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Lighthouse Books, ABAA | Rare books | Florida originally shared:
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It is the birthday of colorful Civil War figure John Singleton Mosby (1833), who commanded a Confederate unit in Virginia known as Mosby’s Rangers, which gained a reputation for its lightning-fast raids and its ability to elude Union troops and disappear into the countryside among farmers and ranchers. Mosby became known as The Gray Ghost. After the war, Mosby worked in the presidential campaign of Ulysses S. Grant and served as U.S. consul to Hong Kong. In For Whom the Bell Tolls, Ernest Hemingway called Mosby the best cavalry officer of the Civil War. Does anybody remember the TV show based on Mosby’s exploits?
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As many poems of the era, For Whom the Bell Tolls is long. I’m leaving my favorite excerpt from it here, you can follow the above link to see it in its entirety. This is a powerful message in this prose. He believes we are all connected. “Any man’s death diminishes me…”  I wonder if we all felt this way if it would make a difference. Would we be kinder to one another? I guess I can only wonder.  Enjoy  🙂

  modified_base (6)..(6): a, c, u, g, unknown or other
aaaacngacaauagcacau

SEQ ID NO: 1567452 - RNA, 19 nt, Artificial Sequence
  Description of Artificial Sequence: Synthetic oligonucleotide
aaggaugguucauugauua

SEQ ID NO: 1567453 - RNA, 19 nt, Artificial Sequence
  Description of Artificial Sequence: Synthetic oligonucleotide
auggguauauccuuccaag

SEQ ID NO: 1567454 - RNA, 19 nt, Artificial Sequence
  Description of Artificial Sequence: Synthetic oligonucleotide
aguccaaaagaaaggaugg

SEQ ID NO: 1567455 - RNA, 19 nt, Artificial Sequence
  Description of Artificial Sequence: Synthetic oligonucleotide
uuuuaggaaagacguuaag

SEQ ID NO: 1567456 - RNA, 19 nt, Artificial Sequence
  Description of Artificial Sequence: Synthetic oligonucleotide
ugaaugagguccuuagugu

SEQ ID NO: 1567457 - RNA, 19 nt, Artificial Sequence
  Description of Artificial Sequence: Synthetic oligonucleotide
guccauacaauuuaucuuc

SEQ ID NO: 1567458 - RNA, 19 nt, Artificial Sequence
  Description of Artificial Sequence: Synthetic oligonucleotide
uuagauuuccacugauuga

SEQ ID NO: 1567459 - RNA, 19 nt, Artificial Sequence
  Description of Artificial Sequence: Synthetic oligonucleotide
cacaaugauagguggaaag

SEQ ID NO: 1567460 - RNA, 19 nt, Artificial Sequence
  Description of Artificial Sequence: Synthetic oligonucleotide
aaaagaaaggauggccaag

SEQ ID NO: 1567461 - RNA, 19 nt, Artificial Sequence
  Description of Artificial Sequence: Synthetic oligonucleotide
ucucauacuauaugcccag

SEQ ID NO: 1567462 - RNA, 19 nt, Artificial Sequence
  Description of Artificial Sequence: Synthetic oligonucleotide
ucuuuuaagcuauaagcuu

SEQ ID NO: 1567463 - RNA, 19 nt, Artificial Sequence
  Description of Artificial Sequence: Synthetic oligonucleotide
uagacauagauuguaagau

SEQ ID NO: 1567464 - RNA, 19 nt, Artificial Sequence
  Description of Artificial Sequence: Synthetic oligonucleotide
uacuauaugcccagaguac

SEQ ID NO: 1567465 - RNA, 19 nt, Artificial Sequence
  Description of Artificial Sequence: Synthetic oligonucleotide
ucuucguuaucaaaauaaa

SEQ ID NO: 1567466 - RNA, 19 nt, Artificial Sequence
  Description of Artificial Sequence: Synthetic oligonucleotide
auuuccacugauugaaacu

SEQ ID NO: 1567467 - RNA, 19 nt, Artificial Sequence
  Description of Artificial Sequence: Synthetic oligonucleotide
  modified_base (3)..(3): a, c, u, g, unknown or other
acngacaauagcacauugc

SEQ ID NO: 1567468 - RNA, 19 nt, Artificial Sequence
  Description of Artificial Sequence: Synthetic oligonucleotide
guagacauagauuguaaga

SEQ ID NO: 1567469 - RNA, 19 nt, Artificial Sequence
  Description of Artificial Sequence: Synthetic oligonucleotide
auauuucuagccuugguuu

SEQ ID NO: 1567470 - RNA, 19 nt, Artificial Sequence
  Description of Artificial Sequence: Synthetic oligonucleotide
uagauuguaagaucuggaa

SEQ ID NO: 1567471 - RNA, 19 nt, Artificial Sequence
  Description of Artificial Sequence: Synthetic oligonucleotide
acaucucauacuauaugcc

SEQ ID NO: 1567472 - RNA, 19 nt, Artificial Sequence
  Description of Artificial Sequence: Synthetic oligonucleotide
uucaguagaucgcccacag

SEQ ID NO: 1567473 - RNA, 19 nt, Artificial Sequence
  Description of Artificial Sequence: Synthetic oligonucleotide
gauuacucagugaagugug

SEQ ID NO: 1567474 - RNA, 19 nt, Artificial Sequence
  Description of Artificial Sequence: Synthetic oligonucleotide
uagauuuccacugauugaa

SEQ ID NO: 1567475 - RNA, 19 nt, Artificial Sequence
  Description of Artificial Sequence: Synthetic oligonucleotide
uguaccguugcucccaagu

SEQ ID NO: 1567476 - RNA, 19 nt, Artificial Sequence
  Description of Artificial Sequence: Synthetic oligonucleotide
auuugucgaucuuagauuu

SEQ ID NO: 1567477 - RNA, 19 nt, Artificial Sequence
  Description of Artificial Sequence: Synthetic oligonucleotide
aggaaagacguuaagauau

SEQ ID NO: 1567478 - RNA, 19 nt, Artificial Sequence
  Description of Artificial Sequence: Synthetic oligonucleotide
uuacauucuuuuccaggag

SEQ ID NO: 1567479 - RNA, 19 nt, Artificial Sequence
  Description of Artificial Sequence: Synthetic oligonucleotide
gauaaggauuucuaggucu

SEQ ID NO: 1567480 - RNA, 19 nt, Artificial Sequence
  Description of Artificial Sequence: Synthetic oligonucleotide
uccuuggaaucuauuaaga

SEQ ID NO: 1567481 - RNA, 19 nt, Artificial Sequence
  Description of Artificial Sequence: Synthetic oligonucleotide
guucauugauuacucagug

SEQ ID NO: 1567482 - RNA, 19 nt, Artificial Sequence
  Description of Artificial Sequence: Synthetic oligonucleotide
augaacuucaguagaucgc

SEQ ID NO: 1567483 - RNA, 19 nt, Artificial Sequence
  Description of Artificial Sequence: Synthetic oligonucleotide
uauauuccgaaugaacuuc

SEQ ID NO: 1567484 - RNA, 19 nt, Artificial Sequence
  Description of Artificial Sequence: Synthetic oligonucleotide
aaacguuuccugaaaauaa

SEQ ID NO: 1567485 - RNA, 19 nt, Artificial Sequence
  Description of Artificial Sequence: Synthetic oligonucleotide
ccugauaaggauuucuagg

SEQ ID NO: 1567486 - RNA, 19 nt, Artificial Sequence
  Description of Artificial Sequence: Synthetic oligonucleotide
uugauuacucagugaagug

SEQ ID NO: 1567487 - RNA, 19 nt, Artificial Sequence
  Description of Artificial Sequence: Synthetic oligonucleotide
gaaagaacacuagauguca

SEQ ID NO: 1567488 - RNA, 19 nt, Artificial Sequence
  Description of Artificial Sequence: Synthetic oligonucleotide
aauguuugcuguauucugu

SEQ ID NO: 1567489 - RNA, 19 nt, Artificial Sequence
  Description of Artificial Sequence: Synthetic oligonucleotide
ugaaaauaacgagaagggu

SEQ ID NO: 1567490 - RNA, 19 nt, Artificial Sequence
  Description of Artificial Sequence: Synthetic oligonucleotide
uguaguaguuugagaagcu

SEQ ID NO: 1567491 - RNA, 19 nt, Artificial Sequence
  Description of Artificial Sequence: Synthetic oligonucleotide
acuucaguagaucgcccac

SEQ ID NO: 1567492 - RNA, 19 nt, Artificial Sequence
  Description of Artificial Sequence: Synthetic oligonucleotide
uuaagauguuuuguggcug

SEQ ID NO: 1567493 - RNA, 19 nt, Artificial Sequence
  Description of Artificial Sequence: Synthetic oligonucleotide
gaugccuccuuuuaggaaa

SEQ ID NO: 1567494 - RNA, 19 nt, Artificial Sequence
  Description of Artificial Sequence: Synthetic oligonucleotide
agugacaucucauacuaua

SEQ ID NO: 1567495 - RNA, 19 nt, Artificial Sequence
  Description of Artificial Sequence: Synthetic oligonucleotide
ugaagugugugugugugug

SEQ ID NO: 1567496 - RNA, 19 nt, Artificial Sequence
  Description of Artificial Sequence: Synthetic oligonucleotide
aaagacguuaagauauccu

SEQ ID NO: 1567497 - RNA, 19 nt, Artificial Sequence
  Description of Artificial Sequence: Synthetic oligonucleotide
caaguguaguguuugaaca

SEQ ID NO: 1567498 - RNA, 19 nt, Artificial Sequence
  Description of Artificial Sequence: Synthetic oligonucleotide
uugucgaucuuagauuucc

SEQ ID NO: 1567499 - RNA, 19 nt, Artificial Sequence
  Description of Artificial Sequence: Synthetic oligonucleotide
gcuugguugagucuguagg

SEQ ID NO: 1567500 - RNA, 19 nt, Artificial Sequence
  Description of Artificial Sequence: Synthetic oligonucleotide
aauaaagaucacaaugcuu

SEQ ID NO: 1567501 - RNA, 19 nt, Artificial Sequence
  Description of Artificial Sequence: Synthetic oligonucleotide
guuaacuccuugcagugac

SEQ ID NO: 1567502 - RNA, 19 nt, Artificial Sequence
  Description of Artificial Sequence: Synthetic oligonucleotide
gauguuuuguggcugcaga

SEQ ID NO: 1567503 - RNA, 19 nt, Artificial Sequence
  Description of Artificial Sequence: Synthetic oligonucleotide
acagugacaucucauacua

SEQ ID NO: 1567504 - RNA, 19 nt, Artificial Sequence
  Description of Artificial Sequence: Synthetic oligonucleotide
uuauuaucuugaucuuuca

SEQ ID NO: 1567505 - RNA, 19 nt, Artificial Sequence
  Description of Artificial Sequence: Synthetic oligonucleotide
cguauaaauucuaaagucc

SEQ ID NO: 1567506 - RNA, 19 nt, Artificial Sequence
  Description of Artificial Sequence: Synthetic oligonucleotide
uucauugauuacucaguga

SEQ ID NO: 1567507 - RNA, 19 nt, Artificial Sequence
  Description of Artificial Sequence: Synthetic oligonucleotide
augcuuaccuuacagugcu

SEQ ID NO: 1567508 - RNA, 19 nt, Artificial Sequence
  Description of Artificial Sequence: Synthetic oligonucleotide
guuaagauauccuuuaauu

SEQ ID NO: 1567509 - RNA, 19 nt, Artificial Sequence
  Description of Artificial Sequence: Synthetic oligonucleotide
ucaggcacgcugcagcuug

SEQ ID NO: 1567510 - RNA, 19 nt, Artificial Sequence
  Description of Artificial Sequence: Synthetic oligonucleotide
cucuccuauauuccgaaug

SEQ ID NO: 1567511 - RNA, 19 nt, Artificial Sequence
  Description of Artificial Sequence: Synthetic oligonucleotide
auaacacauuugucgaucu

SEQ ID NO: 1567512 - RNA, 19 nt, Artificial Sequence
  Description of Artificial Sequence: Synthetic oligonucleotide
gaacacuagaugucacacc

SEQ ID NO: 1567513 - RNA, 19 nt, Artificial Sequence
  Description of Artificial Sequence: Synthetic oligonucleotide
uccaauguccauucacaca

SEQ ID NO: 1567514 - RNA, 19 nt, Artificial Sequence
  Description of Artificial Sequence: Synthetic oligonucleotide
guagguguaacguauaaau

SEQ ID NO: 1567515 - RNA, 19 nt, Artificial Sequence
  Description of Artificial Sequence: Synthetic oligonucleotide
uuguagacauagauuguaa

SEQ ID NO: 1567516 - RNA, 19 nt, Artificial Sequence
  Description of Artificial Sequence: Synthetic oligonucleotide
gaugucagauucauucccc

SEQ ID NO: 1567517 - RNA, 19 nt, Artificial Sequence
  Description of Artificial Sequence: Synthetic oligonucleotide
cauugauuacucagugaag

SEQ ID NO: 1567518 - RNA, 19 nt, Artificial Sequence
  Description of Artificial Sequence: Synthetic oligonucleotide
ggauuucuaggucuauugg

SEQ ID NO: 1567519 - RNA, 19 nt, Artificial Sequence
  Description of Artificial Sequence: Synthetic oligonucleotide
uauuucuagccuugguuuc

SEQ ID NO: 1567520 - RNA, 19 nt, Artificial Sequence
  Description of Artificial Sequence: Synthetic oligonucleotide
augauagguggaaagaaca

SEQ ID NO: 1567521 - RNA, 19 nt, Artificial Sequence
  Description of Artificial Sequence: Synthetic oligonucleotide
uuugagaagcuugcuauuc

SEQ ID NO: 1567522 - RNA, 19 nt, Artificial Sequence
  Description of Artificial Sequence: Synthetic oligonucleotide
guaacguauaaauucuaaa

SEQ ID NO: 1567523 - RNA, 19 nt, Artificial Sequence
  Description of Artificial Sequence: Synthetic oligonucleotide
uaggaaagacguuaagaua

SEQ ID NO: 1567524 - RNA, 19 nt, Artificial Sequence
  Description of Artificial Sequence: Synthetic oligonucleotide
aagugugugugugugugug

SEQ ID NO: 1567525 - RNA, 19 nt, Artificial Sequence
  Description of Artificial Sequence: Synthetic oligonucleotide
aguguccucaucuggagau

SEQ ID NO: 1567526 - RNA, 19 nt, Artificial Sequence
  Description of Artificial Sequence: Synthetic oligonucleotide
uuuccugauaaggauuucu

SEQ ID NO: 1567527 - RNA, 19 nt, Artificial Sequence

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For Whom The Bell Tolls by John Donne
 No man is an island, entire of itself; every man is a piece
of the continent, a part of the main. If a clod be washed away by
the sea, Europe is the less, as well as if a promontory were, as
well as if a manor of thy friend’s or of thine own were: any man’s
death diminishes me, because I am involved in mankind, and
therefore never send to know for whom the bell tolls; it tolls for
thee.
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